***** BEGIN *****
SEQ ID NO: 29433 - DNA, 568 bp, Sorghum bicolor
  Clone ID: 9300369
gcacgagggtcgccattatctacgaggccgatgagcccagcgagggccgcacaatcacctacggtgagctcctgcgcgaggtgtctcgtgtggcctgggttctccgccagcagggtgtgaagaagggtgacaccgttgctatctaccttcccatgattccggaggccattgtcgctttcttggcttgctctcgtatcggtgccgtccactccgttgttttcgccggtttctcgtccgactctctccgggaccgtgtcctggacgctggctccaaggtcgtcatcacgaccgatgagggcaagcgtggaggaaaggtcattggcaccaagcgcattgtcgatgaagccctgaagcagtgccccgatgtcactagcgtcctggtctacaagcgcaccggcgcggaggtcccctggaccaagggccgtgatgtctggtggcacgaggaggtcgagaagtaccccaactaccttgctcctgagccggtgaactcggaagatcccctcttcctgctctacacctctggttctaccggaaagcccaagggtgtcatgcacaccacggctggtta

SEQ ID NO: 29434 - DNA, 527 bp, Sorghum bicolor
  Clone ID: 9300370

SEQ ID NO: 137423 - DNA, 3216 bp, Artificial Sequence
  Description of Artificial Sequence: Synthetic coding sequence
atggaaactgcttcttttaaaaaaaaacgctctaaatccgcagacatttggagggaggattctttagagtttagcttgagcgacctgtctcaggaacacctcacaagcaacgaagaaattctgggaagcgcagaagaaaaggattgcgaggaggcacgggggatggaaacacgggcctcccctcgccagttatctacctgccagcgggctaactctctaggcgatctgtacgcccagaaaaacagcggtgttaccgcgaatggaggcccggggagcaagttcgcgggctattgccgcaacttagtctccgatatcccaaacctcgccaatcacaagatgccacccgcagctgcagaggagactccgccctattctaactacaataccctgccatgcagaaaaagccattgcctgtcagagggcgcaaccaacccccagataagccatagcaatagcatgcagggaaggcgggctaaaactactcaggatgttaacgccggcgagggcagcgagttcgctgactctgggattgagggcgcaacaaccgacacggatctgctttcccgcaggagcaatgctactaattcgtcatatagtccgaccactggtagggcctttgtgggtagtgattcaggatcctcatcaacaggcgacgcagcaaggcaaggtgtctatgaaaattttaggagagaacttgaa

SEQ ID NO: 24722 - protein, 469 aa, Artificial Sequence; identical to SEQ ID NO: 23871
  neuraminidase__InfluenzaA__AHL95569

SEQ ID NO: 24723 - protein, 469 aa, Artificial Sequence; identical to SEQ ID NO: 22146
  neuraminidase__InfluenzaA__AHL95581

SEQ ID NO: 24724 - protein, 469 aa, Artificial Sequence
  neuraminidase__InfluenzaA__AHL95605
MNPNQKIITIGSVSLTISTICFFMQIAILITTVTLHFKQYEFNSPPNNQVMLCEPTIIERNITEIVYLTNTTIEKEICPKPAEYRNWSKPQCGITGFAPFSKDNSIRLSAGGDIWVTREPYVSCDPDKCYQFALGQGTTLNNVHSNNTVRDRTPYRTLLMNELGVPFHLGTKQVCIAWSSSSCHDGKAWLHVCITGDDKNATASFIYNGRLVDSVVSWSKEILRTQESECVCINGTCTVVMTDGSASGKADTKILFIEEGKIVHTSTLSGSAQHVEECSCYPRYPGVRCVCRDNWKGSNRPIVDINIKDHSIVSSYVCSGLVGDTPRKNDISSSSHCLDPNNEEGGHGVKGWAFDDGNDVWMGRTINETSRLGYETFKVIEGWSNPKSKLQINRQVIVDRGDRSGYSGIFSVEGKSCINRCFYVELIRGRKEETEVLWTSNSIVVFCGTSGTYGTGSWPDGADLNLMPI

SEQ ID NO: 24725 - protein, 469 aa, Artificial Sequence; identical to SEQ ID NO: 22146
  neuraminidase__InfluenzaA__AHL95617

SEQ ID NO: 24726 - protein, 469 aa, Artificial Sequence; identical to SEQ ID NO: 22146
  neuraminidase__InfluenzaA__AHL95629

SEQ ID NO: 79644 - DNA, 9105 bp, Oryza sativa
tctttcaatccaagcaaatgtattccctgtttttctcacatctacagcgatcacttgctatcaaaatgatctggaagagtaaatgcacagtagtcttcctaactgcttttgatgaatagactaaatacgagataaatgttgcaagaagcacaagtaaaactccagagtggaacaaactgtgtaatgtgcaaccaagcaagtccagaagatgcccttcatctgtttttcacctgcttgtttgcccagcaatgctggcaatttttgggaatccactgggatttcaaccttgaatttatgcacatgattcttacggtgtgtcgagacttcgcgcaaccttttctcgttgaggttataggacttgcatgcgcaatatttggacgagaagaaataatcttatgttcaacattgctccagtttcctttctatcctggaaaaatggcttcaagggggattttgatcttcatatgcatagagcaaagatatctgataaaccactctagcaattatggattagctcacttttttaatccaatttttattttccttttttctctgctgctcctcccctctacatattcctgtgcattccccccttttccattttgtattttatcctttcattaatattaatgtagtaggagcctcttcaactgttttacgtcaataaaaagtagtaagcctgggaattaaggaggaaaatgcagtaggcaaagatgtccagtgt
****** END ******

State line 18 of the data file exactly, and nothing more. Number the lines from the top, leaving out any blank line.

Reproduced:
SEQ ID NO: 24726 - protein, 469 aa, Artificial Sequence; identical to SEQ ID NO: 22146